August 18, 2005
Give credit to improved general aviation safety. Stop ignoring the effect of security restrictions on efficient airspace use. Change the rules to allow more WAAS approaches into GA airports. And for heaven's sake, stop setting the stage for user fees!
Those are the bullet points of AOPA's comments on the FAA's latest draft of its "to-do list," the FAA Flight Plan 2006-2010.
"While the FAA incorporated many of AOPA's previous recommendations in this update, there are still issues that must be addressed," said AOPA President Phil Boyer. "The FAA should never forget that general aviation is its 'customer' too - and the GA pilot is the only one who pays the bills out of his own pocket."
The Flight Plan is the FAA's strategic planning document, setting goals for the agency and measuring its progress in achieving them. And much to the FAA's credit, it has involved its "customers" and "stakeholders" - the flying community - in the process.
"We thank the FAA for allowing AOPA the opportunity to share general aviation's perspective on the flight plan," said Boyer. "We believe GA will continue to grow, continue to fly securely, and continue to improve its safety record. With the AOPA-recommended additions and changes to the Flight Plan, we believe the FAA will have fully included GA in its mission."
AOPA wants the FAA to highlight the long-term GA safety improvements in its list of successes. In the last decade, there has been a 25-percent decrease in general aviation accidents. "The working partnership of the general aviation community with the FAA has achieved much of this safety improvement," AOPA said.
The association also believes that the addition of GPS-WAAS instrument approaches to more GA airports would help improve safety. AOPA called for rule changes to allow that to happen, noting that current regulations, designed for air carrier airports, prohibit precision instrument approaches into many GA airports. Requirements for full-length parallel taxiways and extensive clear zones, for example, are not necessary for safe instrument operations at non-air carrier airports and are frequently impossible to implement at many GA airports.
"The Flight Plan must include the severe impact airspace security restrictions have on general aviation operations and the air traffic control system," AOPA said. While the FAA doesn't control security restrictions such as presidential TFRs and the Washington, D.C., ADIZ, "the agency cannot continue ignoring their effects on the aviation system."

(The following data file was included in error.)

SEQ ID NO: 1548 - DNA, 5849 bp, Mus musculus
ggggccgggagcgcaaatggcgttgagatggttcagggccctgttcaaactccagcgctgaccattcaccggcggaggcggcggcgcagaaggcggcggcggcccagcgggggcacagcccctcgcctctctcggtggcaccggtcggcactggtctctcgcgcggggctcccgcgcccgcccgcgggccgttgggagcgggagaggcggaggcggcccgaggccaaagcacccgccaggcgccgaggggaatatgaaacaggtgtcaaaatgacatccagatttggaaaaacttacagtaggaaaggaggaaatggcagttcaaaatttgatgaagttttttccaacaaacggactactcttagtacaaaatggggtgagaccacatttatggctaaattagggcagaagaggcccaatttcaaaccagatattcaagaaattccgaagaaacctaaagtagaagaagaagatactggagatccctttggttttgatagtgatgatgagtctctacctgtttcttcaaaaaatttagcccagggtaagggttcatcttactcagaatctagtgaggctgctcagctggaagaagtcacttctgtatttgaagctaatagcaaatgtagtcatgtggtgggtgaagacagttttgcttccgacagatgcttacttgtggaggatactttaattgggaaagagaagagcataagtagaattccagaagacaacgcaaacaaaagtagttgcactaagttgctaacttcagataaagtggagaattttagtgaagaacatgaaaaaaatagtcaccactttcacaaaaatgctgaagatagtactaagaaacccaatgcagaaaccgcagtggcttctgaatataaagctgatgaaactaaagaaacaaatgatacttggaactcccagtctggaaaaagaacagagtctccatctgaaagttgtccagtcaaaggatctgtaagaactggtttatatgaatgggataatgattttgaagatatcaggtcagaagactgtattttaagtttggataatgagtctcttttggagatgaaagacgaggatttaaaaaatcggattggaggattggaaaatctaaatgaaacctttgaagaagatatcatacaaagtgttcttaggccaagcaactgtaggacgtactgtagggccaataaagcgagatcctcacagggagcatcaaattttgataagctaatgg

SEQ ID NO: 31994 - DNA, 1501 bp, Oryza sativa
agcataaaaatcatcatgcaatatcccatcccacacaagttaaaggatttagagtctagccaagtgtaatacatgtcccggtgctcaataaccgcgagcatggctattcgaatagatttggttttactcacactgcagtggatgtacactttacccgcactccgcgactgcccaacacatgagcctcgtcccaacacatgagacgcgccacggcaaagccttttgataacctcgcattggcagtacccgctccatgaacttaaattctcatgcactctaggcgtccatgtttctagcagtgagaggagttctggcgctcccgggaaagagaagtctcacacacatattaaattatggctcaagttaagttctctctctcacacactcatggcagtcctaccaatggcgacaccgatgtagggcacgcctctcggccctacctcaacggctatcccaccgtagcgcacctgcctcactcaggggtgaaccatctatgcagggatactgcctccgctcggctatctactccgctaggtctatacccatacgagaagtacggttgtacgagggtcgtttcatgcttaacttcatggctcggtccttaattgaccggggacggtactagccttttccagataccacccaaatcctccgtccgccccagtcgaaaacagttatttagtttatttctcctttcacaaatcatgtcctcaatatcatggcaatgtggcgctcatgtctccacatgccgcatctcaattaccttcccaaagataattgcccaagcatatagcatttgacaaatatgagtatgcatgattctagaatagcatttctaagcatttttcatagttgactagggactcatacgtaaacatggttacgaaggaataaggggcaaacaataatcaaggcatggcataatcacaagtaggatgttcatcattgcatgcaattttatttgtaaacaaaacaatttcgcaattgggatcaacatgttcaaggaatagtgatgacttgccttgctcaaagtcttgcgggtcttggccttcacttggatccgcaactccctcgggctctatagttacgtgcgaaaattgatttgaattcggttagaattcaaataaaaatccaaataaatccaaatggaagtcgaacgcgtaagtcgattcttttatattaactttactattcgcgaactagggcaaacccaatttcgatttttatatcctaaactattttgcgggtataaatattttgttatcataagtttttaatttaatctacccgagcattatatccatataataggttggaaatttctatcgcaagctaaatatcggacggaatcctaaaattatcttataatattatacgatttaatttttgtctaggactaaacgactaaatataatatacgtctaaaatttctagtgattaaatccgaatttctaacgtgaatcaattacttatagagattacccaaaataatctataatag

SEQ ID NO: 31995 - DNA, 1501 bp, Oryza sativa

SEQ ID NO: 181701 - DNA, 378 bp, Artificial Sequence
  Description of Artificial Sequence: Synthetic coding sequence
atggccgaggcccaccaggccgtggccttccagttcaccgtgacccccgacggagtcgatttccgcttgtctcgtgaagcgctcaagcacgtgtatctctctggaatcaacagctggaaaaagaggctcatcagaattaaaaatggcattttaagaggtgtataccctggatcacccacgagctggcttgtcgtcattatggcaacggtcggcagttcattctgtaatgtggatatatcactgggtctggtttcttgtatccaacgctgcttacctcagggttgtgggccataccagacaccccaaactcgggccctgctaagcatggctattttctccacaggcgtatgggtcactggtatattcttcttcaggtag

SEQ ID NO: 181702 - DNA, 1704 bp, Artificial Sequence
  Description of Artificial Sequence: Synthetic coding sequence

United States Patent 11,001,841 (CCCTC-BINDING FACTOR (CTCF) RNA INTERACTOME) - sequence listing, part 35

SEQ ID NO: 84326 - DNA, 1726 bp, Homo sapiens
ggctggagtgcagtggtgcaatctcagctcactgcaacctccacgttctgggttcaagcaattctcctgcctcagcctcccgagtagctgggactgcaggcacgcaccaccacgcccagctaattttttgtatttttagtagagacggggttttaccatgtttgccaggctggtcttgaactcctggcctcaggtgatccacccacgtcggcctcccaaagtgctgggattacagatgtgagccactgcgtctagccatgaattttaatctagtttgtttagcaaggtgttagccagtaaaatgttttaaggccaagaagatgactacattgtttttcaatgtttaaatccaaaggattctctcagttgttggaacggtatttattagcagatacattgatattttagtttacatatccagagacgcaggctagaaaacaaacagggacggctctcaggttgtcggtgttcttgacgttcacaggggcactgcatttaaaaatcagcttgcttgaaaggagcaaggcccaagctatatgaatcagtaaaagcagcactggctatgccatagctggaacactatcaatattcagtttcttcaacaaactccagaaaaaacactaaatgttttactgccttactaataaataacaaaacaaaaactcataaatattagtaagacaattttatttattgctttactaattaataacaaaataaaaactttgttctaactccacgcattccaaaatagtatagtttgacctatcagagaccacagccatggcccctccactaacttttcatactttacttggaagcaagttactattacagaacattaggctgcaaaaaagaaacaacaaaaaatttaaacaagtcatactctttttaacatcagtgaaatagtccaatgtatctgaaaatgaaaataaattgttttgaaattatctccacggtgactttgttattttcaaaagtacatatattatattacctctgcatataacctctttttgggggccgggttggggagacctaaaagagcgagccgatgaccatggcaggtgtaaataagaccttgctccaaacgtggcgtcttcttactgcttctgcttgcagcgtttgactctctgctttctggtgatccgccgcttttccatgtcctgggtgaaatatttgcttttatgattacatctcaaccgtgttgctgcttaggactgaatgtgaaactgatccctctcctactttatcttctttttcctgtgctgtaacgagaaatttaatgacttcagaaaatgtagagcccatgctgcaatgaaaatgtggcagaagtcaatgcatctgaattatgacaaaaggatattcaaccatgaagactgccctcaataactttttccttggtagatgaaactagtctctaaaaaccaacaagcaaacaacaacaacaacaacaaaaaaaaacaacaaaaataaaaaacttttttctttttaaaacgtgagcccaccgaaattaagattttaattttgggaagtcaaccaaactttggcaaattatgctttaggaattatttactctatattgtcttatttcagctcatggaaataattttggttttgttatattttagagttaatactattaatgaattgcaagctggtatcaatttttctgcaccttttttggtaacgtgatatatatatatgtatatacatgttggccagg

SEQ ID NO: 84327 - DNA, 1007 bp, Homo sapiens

The agency must do a better job of disseminating airspace information, particularly security-related restrictions. That means improvements to the notam system. The FAA must also take the lead to make international navigation data available to users, since the Department of Defense is withdrawing its charts and databases.
The FAA must do everything possible to protect general aviation airports, as access to non-air carrier airports will be essential to meet the demands of the projected expansion in GA activity.
Finally, there is the issue of the FAA "funding crisis."
"AOPA does not agree with the contention that the funding system is 'broken,'" said Boyer. While the Flight Plan doesn't directly state that the current system should be replaced with user fees, "it certainly lays the groundwork," Boyer said. "It is imperative that the FAA look at its costs and that it identify ways to reduce the funding needed to provide essential services."
August 18, 2005
Collaboration between the German government, academia, and airplane manufacturers may make future aircraft cabins more protective of pilots and passengers. The Safety Box team plans to apply auto racing technology to general aviation.
A father and his 14-year-old son were helping another pilot ferry a newly purchased aircraft from California to their home field in Virginia. The three made an overnight stop in Albuquerque before flying on to Illinois for fuel. But shortly after they parked the aircraft in Marion, Ill., they were approached by as many as 18 uniformed and non-uniformed law enforcement officers who came running toward the airplane.
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